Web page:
I wonder if the baby/empathy project will be successful? I’m a bit sceptical, to be honest.

    • Pete says:

      Hi Bee, I tried to add you as a friend but it said “pending request” so not sure if that worked. I’d love to see some of the children’s and YA lit that you’re reading. And as for the empathy project, I love the idea but not sure that it would work here.

  3. litlove says:

    Now, I can never get around to uploading my recent reads on Goodreads but I do manage to blog. It’s funny, isn’t it, what fits into the routine and what doesn’t! Bringing babies into school sounds sort of okay, but is it going to cause an uproar if I say that girls would probably respond to it better than boys? Only I can’t see my son having any interest whatsoever in a baby. But perhaps that’s just him! And I vote for the Gruffalo cuddly toy – my son once chose a cuddly over a chocolate egg for Easter. That’s how much kids love their cuddlies! (But I’m sure the book will be much loved too.)

    • Pete says:

      Hi litlove. Also tried to add you on Goodreads but it didn’t work. And you’re very good about reviewing books on your blog so I get more than enough reading recommendations there. When I read one of your reviews I usually have to add the book to my TBR list so it’s a mixed blessing!

      As for the roots of empathy project, I think you’re quite right that boys won’t take readily to it. Perhaps I should add here that we have a pre-prep on the school grounds and the boys are far more interested in the ‘yummy mummies’ than developing empathy towards the little ones! I think the developers of that programme are spot-on to say that empathy begins in those early infant years and in wanting children to identify with their ‘inner children’. But as you say, teenage boys are far more interested in other things.

      • doctordi says:

        It depends on the age of the boys, perhaps. I have been amazed by the number of primary school boys who have rubbernecked at the sight of Master J on the beach promenade, they have been very interested in him, and one of my friend’s kids honestly couldn’t have been more engaged had he been a dolly-toting little girl. But by high school, yes, I can imagine the interest shifting rather dramatically to the yummy mummies!!

  4. litlove says:

    Lol – I know, same thing happens to me when I visit Danielle and Stefanie, et al. You should see the size of my tbr!! Tell you what was good, though, when my son was growing up: he went to a childminder when he was 4-6 and she had a baby girl. The childminder was just excellent and taught him how to behave around her and he’s always been good with younger children since then. It’s so much easier to do when the kids are not siblings! Oh and I meant to say on my first comment – your baby gets cuter with every photo! It’s lovely when they learn to sit up (and so much better for the digestion….)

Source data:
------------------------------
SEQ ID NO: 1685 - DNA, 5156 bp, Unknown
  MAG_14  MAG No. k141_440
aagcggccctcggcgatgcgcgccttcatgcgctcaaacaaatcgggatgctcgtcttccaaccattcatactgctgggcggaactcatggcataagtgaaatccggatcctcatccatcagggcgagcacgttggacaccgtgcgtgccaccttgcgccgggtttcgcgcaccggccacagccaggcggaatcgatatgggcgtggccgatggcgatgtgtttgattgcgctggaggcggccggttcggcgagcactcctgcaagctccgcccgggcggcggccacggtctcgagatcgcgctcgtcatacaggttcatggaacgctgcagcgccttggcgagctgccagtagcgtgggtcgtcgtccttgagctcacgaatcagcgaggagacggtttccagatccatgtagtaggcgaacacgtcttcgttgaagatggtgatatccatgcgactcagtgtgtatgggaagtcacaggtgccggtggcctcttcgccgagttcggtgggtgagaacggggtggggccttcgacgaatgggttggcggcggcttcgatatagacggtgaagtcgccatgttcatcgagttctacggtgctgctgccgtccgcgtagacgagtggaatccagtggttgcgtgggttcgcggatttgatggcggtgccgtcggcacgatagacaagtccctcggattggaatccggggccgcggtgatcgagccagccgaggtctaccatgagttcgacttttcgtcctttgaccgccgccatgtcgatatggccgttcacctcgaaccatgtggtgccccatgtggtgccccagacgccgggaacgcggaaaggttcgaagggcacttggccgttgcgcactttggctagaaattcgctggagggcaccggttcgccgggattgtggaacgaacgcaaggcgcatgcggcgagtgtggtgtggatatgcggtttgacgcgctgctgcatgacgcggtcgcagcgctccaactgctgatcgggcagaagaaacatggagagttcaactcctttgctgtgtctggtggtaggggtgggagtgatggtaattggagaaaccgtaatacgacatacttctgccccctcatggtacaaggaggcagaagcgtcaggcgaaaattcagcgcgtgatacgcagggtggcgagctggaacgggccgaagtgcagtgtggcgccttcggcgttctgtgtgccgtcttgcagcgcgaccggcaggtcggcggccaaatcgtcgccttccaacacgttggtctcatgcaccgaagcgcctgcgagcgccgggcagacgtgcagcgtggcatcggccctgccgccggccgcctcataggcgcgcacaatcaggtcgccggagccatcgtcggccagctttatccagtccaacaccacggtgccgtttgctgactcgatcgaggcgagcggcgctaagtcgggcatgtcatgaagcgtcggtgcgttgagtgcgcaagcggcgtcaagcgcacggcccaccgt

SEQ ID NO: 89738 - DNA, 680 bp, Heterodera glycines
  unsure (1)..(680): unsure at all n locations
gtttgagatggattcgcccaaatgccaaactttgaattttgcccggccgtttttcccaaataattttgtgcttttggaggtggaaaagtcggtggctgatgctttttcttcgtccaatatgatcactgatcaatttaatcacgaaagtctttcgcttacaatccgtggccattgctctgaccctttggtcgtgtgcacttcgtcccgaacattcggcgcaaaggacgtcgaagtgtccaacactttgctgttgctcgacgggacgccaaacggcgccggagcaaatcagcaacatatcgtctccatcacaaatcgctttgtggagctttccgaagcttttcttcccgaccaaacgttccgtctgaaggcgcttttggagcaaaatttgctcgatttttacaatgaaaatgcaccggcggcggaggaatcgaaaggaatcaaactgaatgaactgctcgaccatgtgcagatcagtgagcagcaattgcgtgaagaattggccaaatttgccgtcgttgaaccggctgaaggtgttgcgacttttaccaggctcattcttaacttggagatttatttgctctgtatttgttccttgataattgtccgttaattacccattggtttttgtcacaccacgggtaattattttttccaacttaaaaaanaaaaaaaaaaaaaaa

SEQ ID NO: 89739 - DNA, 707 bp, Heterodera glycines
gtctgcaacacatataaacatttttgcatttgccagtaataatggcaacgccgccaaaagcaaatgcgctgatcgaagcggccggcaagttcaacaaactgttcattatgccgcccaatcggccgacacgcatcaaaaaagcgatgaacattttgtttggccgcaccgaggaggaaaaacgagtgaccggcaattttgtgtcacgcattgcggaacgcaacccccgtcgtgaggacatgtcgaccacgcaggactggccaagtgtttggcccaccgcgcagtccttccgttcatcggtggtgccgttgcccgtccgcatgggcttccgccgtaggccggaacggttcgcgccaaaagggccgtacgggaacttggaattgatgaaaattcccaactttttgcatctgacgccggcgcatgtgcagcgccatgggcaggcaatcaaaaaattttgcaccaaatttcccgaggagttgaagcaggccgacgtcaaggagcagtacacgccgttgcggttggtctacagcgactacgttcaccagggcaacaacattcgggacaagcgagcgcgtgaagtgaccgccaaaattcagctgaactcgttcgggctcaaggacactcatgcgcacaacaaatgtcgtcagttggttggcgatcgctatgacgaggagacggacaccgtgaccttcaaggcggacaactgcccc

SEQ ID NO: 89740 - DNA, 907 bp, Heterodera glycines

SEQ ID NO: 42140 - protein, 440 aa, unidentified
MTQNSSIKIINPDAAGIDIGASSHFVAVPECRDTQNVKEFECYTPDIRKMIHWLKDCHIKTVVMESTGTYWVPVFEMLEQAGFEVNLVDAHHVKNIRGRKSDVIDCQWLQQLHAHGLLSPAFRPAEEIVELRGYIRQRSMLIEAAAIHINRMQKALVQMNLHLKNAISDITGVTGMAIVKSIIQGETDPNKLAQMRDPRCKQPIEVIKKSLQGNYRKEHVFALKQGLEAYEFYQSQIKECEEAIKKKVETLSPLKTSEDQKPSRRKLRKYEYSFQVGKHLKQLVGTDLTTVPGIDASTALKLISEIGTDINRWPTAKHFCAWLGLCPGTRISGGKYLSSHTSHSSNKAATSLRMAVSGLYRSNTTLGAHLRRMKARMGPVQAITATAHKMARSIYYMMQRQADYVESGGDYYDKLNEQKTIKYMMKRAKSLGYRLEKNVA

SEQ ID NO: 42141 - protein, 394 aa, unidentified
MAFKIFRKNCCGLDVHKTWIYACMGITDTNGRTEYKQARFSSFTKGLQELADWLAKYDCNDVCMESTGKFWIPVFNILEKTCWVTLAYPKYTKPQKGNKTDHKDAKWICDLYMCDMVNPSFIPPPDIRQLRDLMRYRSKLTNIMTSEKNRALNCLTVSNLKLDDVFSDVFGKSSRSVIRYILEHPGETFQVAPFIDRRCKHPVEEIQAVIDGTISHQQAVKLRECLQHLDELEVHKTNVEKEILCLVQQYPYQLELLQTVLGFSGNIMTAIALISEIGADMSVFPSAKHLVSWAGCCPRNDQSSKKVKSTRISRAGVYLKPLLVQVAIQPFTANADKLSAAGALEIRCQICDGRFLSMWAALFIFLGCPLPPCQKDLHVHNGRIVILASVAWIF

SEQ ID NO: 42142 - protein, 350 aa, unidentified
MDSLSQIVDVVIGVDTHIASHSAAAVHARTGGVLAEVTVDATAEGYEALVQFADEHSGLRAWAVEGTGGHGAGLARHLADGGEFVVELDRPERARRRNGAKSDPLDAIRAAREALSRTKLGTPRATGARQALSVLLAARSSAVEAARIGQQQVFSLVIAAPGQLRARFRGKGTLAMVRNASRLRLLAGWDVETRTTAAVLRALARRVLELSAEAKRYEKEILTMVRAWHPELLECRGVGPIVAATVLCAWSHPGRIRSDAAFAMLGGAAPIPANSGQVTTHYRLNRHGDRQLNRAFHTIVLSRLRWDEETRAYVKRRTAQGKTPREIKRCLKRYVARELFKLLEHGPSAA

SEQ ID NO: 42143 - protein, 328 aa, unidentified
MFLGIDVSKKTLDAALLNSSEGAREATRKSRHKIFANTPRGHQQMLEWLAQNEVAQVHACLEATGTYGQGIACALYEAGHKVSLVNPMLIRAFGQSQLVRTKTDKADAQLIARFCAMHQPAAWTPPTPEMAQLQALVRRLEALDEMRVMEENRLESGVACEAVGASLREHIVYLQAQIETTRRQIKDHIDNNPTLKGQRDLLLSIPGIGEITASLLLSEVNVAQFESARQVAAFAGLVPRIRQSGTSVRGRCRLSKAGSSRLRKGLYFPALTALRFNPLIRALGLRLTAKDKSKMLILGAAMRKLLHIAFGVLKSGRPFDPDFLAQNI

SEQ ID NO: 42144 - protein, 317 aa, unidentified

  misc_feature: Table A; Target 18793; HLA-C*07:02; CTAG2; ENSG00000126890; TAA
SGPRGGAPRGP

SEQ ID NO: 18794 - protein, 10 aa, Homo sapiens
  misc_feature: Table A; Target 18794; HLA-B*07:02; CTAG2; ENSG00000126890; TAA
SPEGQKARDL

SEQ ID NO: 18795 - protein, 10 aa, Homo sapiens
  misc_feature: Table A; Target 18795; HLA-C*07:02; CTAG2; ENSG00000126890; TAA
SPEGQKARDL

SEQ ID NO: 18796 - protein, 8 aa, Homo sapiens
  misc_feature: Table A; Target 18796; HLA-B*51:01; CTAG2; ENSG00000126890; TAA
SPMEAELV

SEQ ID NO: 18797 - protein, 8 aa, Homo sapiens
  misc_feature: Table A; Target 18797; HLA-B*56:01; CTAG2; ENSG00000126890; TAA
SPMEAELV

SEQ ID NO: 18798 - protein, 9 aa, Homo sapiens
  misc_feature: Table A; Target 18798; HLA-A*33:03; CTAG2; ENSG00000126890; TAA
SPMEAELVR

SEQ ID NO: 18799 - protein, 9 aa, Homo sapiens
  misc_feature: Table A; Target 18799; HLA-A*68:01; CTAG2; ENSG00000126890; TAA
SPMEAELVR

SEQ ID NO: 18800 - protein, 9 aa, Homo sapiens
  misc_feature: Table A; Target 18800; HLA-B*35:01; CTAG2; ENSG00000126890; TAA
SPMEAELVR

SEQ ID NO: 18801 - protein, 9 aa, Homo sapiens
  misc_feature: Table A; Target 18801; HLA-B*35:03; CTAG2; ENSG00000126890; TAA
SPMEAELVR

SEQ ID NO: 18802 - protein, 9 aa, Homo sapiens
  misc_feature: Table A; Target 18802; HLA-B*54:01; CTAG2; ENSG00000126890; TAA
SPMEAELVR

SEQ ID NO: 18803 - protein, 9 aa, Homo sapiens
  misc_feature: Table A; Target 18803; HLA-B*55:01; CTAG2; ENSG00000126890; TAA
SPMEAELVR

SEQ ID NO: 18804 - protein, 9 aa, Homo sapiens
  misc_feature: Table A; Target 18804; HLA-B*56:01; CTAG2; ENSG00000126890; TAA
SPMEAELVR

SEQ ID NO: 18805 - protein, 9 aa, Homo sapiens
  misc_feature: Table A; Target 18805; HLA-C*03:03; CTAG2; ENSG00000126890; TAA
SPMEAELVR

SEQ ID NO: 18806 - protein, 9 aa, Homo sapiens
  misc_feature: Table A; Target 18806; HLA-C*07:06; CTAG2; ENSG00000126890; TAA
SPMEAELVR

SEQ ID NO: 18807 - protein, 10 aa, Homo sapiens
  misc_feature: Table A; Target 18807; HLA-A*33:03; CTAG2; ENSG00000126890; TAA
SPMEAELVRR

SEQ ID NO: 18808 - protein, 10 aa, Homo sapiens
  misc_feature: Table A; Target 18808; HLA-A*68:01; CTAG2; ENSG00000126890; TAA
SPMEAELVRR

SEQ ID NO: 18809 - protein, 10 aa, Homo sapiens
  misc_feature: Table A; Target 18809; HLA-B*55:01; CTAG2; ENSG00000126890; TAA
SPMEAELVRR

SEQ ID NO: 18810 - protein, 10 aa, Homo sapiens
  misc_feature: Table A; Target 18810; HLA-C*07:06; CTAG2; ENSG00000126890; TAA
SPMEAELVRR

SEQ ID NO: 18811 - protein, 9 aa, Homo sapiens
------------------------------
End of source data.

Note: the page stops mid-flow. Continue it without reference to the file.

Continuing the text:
5. smithereens says:

    Glad to see your post today! Adjusting to a new job takes time and is always stressful – so breathe and take your time! Last weekend Smithereens junior and I went to see the Gruffalo movie and we were both delighted.

  6. Your baby just keeps getting cuter and cuter…hard to believe our girls are going to be one year old in a few short months! Honestly, I can’t imagine taking E into a school but the idea is a great one – I’ll be interested to hear what comes of it. And don’t put too much pressure on yourself to blog – between a baby and a new job most of your brain power is being used up! I imagine you’ll find your fire for it again down the line…

    • Pete says:

      Hard to believe is right, Courtney! And I loved your photos of E. Can’t wait to see her walking. (Baby F is not even sure she wants to crawl yet. Why crawl when you get everything brought to you?) I still hope to do the occasional post so not giving up yet on the blog.

  7. doctordi says:

    CUTIE-PIE photo, Pete! She is sooo adorable. Glad everything is going well – don’t forget your predecessor had time to build his following, so don’t neglect to give yourself some to settle in and forge those bonds with the staff and students. You’ll do a great job.

    • Pete says:

      Thanks for the reassurance, Di. And I find any photo of her cute – this one shows that babies don’t mind even when Dad gets the clothes colour-coordination wrong! Dada still seems to be her hero (and Mama too although she hardly says Mama).